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What to Do If the Custodial Parent Withholds Visitation


Colorado Family Court makes all decisions with the best interests of the child as their highest priority. When it comes to child custody and visitation decisions, the court always begins with the rebuttable presumption that continued close contact with both parents is in a child’s best interest.

If you are a non-custodial parent with visitation, you know that every moment with your child counts. If your child’s other parent refuses to allow you your court-ordered visitation time with the children, you have a right to seek enforcement measures.

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First, Carefully Review the Terms of Your Child Custody/Parenting Time Agreement

Before you make any legal moves, it’s best to scrutinize your child custody orders to ensure that you clearly understand the terms of the agreement. You should be certain that the times you’ve sought visitation were within your allotted parenting time on the schedule. If you have the schedule correct and your child’s other parent still denies your visitation rights they are in violation of a court order.

Try to Communicate Calmly and Clearly With the Other Parent

Before you take legal action against a parent refusing you your court-ordered visitation, you should first make an attempt to reach out and communicate. It’s helpful to know what the problem is in the other parent’s eyes and if it’s something you can settle without the court’s involvement. Remind the other parent that they may not withhold visitation without presenting a case for denial to a judge.

Begin Documenting Interactions and Communication With the Other Parent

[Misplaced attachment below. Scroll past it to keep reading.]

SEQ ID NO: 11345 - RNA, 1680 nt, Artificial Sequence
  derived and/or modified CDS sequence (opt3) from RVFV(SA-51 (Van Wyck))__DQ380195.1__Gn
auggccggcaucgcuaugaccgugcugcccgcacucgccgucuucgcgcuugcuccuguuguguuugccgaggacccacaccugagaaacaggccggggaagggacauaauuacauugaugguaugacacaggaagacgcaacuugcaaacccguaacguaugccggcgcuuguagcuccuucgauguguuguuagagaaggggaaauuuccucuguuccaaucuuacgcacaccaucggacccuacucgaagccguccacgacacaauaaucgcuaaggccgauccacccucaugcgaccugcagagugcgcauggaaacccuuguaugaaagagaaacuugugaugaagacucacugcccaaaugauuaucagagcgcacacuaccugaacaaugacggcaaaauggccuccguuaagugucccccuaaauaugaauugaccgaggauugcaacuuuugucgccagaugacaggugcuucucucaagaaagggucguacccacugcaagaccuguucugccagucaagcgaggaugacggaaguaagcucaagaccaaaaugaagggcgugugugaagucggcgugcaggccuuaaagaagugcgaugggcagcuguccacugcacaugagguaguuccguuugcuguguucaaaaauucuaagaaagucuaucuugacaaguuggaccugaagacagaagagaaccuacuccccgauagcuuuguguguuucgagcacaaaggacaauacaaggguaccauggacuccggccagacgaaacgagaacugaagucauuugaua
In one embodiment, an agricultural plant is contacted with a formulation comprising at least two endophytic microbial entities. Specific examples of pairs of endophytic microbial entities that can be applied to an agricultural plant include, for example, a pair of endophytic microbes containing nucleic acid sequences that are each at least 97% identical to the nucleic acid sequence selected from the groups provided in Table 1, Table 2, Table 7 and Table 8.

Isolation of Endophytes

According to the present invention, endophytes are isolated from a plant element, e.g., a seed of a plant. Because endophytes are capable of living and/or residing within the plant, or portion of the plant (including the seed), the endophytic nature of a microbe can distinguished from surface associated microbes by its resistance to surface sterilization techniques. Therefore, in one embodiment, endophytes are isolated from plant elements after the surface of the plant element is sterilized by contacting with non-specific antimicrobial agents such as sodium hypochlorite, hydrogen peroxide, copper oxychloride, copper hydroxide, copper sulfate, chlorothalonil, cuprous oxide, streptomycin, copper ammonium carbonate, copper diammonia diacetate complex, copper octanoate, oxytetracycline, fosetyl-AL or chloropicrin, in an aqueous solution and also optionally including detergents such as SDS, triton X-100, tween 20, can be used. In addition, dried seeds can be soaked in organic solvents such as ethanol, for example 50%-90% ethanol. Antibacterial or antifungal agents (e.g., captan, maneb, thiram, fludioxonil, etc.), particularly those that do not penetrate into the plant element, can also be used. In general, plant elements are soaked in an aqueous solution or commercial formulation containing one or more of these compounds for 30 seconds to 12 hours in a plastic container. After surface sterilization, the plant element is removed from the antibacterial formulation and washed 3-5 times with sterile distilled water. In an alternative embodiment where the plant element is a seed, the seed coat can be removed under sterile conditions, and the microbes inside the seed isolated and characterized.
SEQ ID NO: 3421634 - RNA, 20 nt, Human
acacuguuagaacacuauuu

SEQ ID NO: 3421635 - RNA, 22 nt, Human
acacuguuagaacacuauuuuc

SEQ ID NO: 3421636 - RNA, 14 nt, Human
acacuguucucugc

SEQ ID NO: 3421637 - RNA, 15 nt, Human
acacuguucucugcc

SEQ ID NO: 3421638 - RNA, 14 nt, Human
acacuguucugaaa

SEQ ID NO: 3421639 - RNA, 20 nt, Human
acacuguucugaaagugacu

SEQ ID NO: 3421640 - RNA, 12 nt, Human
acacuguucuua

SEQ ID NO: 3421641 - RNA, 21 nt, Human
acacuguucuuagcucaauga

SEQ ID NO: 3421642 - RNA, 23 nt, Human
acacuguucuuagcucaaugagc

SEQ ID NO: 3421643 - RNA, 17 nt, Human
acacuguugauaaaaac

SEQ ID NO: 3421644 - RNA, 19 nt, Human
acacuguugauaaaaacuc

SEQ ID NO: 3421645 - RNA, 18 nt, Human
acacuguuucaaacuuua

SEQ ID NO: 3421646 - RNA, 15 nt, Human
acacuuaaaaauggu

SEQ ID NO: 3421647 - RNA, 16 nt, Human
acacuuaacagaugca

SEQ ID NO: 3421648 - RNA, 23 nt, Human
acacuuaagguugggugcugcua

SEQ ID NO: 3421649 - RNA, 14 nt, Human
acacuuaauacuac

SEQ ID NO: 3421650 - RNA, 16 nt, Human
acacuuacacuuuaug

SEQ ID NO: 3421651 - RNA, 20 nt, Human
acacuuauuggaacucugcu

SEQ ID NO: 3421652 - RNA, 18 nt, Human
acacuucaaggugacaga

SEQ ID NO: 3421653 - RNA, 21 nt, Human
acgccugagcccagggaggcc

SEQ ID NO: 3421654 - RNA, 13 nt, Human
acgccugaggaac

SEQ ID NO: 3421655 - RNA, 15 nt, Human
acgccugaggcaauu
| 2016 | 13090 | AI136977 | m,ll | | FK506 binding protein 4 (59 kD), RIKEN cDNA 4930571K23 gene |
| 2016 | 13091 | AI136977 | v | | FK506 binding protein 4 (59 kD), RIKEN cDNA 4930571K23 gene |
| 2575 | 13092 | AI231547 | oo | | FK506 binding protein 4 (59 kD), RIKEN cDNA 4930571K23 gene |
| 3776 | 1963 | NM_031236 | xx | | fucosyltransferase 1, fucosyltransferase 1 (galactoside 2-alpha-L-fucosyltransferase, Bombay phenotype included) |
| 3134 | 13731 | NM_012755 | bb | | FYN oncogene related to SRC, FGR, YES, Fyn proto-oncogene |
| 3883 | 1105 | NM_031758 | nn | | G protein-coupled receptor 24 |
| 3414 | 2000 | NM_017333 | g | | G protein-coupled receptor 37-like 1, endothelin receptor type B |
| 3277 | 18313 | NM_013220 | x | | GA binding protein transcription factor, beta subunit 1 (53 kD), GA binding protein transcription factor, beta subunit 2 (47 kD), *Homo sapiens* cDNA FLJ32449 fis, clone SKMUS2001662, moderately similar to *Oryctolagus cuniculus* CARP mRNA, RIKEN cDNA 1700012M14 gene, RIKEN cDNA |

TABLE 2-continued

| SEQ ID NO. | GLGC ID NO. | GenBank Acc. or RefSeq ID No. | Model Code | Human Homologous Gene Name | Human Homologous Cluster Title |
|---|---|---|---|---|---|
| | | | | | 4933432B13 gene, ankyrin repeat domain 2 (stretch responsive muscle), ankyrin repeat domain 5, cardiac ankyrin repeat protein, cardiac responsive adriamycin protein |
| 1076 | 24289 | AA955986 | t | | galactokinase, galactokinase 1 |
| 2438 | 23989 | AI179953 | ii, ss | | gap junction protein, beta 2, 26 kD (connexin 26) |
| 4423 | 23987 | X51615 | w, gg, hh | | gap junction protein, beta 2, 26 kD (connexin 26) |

Before filing for enforcement measures, you’ll have to have clear and concise information, including the dates and times of the other parent’s refusals, your attempts at communication, and the other parent’s responses. Keep all your written communications such as texts and emails. You should also keep notes on the other parent’s reactions, the reasons they give for withholding visitation, and the number of times they’ve disregarded your visitation rights.

Hire a Family Law Attorney in Colorado

If the other parent continues to illegally violate the terms of your child custody/visitation agreement, you have a right to take legal action. A Fort Collins family law lawyer can help you compile records and file a court motion seeking enforcement measures against your ex-spouse. It’s important to gather evidence to show the judge not only the dates and times you’ve been denied your court-ordered visitation, but also that being separated from your children is not in their best interests.

Your family lawyer may arrange for mediation attempts with your ex-spouse to try to resolve the matter before it goes to court. In some cases, ex-spouses may work out their differences without the need for a judge. If the case goes to court, the judge may recommend further mediation before reviewing the case and making a decision. 

How Do Courts Enforce Visitation?

Colorado courts have legal remedies available to enforce your court-ordered visitation rights. Enforcement measures may include fines levied against the other parent, additional parenting time awarded to you to make up for lost days, and contempt of court charges if the other parent still does not comply. Contempt charges may include additional fines, jail time, and probation. 

If the subject of a court order, such as a shared parenting time agreement in Colorado, refuses to comply, you have legal remedies available. An important element of deciding on child custody in Colorado is each parent’s willingness to facilitate an ongoing close relationship between the other parent and their child. A court may consider changing a child custody order if a parent refuses to comply with the other parent’s court-ordered visitation rights.

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